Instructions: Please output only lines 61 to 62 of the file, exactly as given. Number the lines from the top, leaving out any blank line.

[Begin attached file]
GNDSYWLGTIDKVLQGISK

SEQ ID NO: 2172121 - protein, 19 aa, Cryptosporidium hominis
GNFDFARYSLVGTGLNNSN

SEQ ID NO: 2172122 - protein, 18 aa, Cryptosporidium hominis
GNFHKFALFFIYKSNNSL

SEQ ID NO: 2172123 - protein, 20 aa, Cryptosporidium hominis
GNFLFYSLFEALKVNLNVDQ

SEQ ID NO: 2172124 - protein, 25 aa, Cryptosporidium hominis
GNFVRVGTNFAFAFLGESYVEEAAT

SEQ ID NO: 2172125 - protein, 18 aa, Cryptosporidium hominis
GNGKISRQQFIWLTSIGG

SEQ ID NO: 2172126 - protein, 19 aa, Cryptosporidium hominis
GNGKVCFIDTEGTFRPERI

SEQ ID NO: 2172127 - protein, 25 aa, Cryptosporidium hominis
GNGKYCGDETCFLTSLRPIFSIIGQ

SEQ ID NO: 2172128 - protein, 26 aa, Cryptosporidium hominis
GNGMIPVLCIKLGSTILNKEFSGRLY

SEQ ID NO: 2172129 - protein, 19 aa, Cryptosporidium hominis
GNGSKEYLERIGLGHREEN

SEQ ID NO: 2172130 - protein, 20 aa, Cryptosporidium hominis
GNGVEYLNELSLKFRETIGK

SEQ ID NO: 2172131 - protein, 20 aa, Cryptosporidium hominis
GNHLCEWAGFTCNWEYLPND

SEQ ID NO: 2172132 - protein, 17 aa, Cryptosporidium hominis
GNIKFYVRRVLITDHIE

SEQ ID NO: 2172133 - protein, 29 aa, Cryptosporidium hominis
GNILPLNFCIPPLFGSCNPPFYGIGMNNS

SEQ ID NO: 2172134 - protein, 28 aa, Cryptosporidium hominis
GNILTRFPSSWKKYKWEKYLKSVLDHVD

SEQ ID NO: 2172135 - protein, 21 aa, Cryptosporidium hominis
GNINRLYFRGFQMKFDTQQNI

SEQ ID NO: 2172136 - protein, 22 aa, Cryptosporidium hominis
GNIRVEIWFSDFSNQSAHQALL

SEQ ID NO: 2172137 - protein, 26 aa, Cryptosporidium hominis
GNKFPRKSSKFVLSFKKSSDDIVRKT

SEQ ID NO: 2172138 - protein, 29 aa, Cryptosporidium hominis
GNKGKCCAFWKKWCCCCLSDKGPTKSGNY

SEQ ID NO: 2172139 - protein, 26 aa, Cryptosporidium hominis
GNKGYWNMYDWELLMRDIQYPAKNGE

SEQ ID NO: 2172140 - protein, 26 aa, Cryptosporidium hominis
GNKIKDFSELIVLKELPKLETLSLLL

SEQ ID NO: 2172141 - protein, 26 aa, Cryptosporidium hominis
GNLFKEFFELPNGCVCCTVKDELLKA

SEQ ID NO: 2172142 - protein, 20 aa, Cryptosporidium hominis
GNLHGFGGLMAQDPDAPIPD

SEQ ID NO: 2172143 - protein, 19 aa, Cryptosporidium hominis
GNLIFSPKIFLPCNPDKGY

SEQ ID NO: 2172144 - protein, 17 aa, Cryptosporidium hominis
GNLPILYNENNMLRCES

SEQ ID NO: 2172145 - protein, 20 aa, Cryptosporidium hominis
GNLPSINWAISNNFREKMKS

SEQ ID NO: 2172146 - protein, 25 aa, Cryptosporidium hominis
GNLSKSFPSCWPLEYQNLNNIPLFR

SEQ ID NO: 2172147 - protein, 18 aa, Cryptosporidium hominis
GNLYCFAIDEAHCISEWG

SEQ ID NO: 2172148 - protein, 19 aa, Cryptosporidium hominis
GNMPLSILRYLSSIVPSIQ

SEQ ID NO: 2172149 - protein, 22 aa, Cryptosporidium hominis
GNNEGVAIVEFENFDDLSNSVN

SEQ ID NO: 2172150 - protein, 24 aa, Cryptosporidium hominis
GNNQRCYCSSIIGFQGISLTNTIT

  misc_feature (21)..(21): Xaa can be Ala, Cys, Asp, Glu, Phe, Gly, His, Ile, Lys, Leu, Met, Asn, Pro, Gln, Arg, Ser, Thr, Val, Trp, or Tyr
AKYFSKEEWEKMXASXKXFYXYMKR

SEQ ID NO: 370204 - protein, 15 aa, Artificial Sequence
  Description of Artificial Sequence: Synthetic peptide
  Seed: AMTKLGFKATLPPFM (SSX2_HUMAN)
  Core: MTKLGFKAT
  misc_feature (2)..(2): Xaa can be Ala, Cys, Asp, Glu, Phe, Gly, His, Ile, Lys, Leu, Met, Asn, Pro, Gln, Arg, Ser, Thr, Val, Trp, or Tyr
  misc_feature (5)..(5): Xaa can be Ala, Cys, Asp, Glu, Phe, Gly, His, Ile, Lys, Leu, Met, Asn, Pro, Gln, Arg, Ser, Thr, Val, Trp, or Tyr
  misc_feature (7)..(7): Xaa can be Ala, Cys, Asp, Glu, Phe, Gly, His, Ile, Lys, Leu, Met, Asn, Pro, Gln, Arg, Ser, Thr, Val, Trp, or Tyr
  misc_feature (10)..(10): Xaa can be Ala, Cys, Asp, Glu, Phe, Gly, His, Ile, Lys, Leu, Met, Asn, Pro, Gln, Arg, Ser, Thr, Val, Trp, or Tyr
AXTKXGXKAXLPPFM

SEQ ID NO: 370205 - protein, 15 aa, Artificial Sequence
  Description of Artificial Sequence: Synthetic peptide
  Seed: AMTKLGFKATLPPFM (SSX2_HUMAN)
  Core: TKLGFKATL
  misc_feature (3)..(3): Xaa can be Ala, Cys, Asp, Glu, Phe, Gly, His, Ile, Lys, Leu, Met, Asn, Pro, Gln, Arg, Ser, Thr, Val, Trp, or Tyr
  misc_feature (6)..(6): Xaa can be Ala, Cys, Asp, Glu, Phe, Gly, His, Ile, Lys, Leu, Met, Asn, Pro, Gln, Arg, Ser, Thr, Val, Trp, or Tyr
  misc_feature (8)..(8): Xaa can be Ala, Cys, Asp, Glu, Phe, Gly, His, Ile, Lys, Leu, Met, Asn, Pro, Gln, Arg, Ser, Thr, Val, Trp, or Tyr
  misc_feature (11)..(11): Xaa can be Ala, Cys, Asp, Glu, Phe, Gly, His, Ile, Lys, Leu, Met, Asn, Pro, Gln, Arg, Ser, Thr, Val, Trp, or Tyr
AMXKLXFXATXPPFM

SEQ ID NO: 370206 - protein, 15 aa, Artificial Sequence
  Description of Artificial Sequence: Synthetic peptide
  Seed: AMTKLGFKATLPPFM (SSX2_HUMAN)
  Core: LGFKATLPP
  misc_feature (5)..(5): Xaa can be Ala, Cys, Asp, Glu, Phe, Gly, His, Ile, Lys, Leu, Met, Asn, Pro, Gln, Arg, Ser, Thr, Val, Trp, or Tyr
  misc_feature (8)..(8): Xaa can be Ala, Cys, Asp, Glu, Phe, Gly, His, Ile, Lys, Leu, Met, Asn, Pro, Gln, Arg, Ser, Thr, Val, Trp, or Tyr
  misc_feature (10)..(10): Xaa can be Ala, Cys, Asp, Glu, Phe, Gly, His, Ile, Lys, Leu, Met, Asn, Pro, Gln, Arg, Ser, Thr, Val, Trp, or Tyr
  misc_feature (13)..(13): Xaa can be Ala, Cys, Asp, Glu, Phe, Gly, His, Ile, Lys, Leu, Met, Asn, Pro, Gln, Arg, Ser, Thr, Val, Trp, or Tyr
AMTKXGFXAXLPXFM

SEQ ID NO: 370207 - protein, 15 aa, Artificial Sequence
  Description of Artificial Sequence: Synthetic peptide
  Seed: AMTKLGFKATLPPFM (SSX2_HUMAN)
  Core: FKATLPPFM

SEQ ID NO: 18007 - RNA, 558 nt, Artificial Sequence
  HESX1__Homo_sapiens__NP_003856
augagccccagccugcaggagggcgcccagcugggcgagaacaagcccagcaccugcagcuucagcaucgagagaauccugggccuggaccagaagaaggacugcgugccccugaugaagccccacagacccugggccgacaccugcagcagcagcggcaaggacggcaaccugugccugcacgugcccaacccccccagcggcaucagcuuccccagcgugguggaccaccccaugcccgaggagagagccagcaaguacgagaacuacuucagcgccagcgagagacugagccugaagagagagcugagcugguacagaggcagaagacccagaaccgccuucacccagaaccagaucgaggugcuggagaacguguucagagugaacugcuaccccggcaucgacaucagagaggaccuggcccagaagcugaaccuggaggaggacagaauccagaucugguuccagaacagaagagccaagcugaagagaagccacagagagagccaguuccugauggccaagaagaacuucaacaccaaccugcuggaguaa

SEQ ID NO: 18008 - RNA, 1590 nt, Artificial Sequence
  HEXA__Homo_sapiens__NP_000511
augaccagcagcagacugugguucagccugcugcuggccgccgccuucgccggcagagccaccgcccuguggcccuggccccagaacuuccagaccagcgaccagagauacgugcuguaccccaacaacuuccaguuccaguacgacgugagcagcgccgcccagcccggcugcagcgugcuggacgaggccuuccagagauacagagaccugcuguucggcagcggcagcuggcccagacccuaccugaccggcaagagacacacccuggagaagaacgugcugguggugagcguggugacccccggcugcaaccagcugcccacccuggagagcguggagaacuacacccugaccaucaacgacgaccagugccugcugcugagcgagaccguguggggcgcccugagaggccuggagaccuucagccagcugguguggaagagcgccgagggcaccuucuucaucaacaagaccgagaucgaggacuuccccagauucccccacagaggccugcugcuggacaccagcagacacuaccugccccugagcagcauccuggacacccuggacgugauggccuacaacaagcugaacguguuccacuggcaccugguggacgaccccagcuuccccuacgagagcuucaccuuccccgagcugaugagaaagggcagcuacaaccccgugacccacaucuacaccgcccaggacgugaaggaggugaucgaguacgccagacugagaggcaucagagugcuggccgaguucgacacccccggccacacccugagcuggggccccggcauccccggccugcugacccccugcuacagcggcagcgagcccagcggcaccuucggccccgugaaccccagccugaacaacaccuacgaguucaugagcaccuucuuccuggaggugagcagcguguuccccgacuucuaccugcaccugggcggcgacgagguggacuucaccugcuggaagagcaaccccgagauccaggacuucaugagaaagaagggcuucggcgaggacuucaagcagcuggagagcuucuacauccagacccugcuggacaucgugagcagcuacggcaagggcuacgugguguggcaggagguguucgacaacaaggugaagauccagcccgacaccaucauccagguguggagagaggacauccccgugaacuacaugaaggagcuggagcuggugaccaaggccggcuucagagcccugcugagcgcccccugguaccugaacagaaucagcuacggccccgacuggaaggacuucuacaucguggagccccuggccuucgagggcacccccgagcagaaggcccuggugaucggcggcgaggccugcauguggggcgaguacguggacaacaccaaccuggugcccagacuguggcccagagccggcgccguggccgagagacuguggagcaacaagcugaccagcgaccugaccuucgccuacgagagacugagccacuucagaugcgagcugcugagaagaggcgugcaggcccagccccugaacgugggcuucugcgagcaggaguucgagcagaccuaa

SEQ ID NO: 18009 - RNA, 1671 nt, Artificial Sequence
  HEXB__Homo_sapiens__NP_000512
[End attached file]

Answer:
GNNQRCYCSSIIGFQGISLTNTIT

  misc_feature (21)..(21): Xaa can be Ala, Cys, Asp, Glu, Phe, Gly, His, Ile, Lys, Leu, Met, Asn, Pro, Gln, Arg, Ser, Thr, Val, Trp, or Tyr